For many decades, the origin of pain during migraine attacks was discussed considering a vascular vs. neural origin [14]. This discussion probably arose from some similarities between the systems of cellular control involved in modulating the meningeal vascular tone and the trigeminal pain integration. Nevertheless, migraine is currently considered a neurovascular disorder, and both the serotoninergic and CGRPergic systems are highly related with vascular modulation and pain integration [13,15,16]. Interestingly, the decrease in 5-HT levels and the increase in CGRP result in similar events, namely: (i) vasodilatation; and (ii) pain integration. In addition, acute antimigraine therapy with triptans (e.g. sumatriptan, zolmitriptan, eletriptan, which are selective serotonin 5 HT1B/1D/1F receptor agonists) or gepants (e.g. olcegepant or telcagepant, which are selective CGRP receptor antagonists) results in: (i) prevention of vasodilatation and (ii) analgesia [15-17]. Although the origin of pain in migraine is not completely clear, both neuronal and vascular alterations must be important during the painful phase [18, 19]. Accordingly, the classical therapeutic tools to treat migraine have been developed in an attempt to prevent/revert the vascular dilatation as well as the trigeminal pain integration.

Therapeutic Treatment of Migraine and Future Perspectives

After the ergots (ergotamine, dihidroergotamine), which are probably the first occidental anti-migraine drugs (still in therapeutic use), the triptans (e.g. sumatriptan, zolmitriptan, eletriptan, which are selective serotonin 5 HT1B/1D/1F receptor agonists) were developed in order to avoid vasodilatation of the blood vessels which irrigate the meninges [17]. These agents currently represent the first selective therapeutic option to abort migraine attacks [20]. The triptans induce two main effects: (i) selective vasoconstriction of the extracranial branches of the external carotid vascular bed which, in turn, hypothetically reduce the permanent activation of mechanoreceptors expressed on sensory nerves which sense the dilatation of the blood vessels irrigating the meninges and (ii) central and peripheral inhibition of mechanisms involved in pain integration [17,21]. Notably, the effects of triptans are quite similar to those from the ergots, but with less side effects [22,23]. In spite of this, the triptans still represent the potential for cardiovascular risks in chronic use or in patients with cardiovascular pathologies in view that these agents may produce vasoconstriction of coronary blood vessels. In addition, the triptans: (i) are effective in less than 50% of migraine patients; (ii) are clearly contraindicated in patients with cerebro- and cardiovascular disease; and (iii) do not seem to be useful as prophylactic agents.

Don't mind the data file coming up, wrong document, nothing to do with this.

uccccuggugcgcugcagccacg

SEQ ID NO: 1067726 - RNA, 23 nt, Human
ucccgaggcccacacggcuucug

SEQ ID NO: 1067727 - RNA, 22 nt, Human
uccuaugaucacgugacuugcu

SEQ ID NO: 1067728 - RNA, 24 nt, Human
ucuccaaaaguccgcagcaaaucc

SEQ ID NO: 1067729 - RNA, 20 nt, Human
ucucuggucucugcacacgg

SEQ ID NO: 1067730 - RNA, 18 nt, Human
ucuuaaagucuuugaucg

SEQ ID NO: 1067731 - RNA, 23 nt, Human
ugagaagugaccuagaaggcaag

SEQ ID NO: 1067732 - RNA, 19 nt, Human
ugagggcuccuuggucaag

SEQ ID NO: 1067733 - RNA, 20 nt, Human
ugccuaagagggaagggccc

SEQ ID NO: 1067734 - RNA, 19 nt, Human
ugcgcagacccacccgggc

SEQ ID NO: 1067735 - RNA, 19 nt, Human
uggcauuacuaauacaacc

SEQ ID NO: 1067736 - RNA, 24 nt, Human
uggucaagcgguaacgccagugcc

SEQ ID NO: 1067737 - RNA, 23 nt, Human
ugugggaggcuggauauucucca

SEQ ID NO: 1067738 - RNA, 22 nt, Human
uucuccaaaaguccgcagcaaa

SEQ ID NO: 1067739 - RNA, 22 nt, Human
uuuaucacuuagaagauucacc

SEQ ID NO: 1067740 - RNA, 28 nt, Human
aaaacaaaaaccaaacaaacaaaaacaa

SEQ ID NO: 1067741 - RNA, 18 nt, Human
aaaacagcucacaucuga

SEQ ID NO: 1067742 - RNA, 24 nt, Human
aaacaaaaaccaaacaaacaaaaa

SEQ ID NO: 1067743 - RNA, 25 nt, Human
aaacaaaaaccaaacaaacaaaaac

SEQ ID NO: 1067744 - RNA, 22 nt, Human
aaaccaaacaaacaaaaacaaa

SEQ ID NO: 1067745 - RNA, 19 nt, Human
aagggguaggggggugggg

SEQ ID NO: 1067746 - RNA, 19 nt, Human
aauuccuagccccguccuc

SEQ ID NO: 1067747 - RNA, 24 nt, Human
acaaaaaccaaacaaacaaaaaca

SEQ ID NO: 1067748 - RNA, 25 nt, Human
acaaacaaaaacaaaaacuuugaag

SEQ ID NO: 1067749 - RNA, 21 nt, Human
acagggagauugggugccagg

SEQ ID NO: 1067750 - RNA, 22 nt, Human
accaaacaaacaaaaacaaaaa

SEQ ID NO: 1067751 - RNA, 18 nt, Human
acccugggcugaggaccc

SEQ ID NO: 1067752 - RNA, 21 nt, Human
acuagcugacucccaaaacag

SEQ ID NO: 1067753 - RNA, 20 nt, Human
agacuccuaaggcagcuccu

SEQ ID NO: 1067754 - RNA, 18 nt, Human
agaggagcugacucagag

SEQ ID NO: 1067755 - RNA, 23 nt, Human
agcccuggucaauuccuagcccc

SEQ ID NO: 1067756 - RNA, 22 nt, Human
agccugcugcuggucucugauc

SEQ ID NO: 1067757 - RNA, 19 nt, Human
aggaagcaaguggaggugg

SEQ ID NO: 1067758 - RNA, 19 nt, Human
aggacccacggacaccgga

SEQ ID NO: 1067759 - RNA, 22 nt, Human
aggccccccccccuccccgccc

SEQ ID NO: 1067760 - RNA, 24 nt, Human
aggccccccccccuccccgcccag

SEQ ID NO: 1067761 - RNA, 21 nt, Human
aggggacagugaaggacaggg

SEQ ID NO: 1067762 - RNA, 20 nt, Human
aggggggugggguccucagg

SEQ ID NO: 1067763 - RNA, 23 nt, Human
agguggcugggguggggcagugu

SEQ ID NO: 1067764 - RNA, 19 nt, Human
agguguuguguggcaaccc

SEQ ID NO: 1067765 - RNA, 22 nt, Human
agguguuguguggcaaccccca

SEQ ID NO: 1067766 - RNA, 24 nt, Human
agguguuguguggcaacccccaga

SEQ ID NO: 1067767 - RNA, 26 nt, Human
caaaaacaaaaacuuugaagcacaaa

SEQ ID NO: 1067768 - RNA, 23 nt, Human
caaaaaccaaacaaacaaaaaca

The above problems related with the cardiovascular risk potential of the triptans led to the development of the gepants (e.g. olcegepant and telcagepant), which are potent non-peptide CGRP receptor antagonists with acute antimigraine properties [11,24,25]. However, the therapeutic use of the gepants had to be discontinued because of the risk of hepatotoxicity and formulation issues [11,26].
An alternative approach has recently led to the development of human monoclonal antibodies towards CGRP and the CGRP receptor. These antibodies are currently in clinical trials for the treatment of both episodic and chronic migraine with promising results [26,27]. Despite this progress, it must be highlighted that CGRP plays an important role in the modulation of many physiological functions and, hence, the potential side effects associated with abolishing (acutely or chronically) the actions of CGRP or its receptors remain largely unknown [12]. Within this context, it is noteworthy: (i) the existence of circulating picogram levels of CGRP in basal conditions; (ii) the capability of CGRP to inhibit the release of noradrenalin, ATP and neuropeptide Y from sympathetic nerves; and (iii) that CGRP knockout mice (as compared to wild type mice) have significantly higher values of mean blood pressure as well as noradrenaline in plasma and urine [12,28,29]. Accordingly, further basic and clinical research studies must investigate the potential cardiovascular risks associated with abolishing (acutely or chronically) the actions of CGRP or its receptors by using antagonists or antibodies for CGRP.
Admittedly, there are other non-classical therapeutic approaches in clinical trials (not discussed here), which are directed towards aborting and preventing migraine attacks. These include, amongst others, Botox, cannabinoids and topiramate[30-32]. All these alternatives are effective in some migraineurs and suggest that the development of a multi-target therapy may be another plausible choice; however, side effects are always an important issue in this kind of therapy.
Following this line of reasoning, Novel perspectives of the pathophysiology of migraine have explored alterations in the neurohormonal and metabolic integrity. For example, Dzugan&Dzugan [33] reported that the restoration of this integrity seems to be enough to abolish the attacks of migraine. If confirmed, this result represents an important contribution to the therapeutic treatment of migraine and opens the door to new alternatives with minimal side effects.
In conclusion, it is expected that the progress in understanding the pathophysiology of migraine may lead to the incorporation of novel therapeutic drugs directed towards aborting or preventing the attacks with minimal side effects. Among these novel therapeutic approaches: (i) the interference with CGRPergicpathways seems to be promising, but the evaluation of the hypertensive potential must be carefully considered; and (ii) the alternative of restoring the neurohormonal and metabolic integrity of migraine patients should be also comprehensively evaluated.